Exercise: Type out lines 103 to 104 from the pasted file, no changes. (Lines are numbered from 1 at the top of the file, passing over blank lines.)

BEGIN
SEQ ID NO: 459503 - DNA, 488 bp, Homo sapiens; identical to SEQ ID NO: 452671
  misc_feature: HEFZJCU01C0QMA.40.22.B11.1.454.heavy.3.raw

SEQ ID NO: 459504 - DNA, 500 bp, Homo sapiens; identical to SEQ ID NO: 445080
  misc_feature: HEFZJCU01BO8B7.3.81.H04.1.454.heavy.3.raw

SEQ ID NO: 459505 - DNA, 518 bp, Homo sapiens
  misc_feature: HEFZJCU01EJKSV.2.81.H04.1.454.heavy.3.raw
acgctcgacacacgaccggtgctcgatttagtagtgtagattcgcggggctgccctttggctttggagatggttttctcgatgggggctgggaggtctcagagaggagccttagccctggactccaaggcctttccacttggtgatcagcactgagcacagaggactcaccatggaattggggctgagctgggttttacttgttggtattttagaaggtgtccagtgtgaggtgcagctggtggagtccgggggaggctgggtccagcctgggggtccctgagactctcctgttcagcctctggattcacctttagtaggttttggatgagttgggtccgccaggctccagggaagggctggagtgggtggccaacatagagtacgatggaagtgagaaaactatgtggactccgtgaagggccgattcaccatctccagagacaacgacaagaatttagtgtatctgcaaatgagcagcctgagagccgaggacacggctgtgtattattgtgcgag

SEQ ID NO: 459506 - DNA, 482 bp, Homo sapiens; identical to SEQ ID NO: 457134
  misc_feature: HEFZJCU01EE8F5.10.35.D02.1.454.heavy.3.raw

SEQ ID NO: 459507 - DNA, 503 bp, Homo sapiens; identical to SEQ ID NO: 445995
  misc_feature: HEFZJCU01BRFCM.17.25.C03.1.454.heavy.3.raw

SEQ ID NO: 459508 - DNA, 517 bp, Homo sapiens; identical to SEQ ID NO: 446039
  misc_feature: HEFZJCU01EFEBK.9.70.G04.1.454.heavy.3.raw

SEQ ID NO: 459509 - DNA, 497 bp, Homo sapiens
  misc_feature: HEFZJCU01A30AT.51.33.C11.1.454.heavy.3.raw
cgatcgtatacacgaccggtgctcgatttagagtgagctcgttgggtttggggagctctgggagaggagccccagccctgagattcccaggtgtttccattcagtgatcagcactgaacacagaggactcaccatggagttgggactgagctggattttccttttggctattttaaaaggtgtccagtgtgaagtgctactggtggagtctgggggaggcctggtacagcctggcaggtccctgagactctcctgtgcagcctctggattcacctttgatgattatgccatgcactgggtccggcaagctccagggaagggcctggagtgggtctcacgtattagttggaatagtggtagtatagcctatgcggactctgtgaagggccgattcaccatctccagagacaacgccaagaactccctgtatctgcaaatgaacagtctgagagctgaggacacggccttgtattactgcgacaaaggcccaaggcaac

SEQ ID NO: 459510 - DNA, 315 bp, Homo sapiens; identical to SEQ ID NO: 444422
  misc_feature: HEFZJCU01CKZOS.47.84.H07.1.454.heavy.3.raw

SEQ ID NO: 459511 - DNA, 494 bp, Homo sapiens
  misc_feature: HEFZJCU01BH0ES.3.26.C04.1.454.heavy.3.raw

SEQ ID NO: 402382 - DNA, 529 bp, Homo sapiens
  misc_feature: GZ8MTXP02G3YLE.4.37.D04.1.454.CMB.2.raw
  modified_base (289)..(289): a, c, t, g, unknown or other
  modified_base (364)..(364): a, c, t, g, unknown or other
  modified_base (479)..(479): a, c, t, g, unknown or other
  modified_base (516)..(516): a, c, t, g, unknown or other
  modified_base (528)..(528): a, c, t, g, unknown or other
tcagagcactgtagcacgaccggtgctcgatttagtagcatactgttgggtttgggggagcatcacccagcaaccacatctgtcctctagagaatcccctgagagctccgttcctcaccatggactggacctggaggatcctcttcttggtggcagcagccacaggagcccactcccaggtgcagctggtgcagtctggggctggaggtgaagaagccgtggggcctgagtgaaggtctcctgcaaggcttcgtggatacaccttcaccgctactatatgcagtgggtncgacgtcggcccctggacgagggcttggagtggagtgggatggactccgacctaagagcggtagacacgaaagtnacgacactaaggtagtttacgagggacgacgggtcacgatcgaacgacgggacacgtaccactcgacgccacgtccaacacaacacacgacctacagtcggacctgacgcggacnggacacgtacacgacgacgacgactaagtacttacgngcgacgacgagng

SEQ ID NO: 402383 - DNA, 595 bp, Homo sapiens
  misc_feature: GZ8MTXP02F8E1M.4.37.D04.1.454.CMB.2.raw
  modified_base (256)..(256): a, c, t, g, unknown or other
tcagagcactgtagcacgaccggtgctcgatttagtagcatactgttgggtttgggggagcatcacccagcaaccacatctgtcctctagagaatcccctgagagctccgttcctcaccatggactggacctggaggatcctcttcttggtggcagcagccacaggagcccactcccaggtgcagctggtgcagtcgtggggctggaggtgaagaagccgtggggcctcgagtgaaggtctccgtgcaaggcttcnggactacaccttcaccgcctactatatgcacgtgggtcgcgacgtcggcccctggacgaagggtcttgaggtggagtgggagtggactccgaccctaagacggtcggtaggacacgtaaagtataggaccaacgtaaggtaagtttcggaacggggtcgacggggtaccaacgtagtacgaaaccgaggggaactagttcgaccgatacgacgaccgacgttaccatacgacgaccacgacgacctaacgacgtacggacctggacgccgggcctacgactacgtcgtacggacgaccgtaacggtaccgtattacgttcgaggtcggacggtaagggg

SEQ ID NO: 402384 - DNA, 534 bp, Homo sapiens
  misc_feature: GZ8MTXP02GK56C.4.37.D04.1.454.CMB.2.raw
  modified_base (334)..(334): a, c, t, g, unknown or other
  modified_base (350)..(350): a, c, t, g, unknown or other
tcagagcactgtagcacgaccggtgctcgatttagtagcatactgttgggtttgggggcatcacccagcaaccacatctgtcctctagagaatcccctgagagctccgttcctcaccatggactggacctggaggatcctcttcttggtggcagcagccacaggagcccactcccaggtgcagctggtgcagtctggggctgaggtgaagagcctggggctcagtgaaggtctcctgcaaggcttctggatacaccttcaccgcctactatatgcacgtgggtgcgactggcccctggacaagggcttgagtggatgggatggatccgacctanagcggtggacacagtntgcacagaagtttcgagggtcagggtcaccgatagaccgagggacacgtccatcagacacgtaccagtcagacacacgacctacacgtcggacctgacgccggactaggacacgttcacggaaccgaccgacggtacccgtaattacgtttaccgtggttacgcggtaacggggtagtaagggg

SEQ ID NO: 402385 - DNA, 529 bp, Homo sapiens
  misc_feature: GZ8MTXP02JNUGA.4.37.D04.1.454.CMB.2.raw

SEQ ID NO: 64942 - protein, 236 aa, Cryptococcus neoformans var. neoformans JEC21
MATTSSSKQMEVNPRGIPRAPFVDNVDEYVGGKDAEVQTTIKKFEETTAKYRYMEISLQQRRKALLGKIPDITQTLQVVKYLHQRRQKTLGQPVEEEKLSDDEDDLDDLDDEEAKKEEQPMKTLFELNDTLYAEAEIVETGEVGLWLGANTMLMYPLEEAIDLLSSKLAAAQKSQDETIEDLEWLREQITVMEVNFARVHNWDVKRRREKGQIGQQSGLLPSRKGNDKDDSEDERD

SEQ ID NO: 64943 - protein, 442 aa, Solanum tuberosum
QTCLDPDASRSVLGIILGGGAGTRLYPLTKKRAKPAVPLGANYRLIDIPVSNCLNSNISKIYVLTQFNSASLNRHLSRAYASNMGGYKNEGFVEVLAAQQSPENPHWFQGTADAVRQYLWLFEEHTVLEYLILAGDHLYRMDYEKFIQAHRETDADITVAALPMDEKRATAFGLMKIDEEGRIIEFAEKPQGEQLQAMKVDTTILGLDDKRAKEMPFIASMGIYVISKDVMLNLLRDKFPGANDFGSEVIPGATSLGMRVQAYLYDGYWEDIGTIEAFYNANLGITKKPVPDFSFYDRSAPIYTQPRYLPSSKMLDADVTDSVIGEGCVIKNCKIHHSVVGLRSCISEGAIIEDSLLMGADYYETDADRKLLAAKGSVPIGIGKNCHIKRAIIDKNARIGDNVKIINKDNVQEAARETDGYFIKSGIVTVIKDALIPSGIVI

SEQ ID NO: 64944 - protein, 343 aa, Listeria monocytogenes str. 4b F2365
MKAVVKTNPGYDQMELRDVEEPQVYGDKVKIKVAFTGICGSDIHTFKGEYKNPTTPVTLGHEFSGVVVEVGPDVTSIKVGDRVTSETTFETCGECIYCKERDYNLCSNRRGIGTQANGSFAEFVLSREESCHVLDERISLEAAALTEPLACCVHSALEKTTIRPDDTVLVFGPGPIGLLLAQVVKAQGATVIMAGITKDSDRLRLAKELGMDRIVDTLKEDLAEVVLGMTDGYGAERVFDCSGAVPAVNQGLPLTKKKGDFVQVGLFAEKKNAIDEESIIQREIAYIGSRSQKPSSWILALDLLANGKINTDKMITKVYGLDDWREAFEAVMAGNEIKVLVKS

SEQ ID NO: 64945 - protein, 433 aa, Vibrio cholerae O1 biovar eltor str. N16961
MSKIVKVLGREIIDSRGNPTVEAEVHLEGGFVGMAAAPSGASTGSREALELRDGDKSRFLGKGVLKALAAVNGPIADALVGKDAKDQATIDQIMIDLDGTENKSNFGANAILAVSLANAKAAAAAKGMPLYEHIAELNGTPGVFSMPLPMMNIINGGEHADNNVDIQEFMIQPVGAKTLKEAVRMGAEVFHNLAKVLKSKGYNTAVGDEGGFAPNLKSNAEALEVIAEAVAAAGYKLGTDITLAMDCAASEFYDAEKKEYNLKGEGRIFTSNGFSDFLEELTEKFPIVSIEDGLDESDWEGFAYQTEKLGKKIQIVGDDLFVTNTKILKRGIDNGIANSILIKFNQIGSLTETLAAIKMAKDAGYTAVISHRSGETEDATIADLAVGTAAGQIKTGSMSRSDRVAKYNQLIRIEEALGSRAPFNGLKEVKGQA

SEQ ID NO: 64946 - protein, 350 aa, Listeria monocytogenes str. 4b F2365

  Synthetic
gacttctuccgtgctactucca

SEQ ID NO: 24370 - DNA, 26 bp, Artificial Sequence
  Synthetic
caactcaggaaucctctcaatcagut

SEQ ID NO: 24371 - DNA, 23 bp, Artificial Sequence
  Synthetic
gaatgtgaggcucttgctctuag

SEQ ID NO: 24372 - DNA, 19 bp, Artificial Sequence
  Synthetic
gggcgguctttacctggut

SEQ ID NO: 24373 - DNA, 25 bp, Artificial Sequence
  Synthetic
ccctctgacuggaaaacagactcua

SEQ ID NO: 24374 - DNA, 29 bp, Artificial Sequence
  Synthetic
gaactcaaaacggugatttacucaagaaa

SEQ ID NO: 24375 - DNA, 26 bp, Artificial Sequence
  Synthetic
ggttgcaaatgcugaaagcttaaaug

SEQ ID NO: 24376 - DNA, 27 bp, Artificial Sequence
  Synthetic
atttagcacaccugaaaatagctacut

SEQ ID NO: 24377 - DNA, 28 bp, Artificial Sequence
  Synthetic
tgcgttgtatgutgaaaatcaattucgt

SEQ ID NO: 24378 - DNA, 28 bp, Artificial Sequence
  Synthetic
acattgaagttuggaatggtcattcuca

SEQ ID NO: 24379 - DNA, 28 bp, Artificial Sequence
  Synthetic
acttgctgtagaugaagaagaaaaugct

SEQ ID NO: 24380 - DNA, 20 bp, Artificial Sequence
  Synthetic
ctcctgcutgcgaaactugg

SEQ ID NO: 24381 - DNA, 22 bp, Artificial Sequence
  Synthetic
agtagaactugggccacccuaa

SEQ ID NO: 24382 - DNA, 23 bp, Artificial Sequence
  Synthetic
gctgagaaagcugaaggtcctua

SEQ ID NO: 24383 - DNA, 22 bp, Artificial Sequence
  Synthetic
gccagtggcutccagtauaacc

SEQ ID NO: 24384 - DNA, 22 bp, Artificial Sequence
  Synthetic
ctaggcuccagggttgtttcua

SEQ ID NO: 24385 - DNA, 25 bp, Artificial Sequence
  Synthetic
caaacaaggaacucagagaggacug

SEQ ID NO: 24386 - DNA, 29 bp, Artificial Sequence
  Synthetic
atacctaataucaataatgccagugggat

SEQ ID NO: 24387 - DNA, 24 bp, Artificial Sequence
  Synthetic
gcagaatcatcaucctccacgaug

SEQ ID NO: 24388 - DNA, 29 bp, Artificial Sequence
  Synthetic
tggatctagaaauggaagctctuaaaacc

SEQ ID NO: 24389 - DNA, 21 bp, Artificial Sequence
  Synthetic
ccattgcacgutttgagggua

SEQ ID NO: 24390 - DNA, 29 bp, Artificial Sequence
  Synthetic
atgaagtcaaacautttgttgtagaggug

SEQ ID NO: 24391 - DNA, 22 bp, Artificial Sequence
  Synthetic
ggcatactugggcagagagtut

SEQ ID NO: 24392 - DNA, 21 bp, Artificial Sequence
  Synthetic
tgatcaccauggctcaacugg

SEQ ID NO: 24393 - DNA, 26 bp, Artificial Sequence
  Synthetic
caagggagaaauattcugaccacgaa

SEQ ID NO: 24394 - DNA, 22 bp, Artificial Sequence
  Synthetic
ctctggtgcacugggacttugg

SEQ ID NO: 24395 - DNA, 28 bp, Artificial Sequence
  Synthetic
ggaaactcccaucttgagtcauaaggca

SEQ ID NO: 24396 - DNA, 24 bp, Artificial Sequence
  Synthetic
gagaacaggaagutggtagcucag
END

  Synthetic
gcagaatcatcaucctccacgaug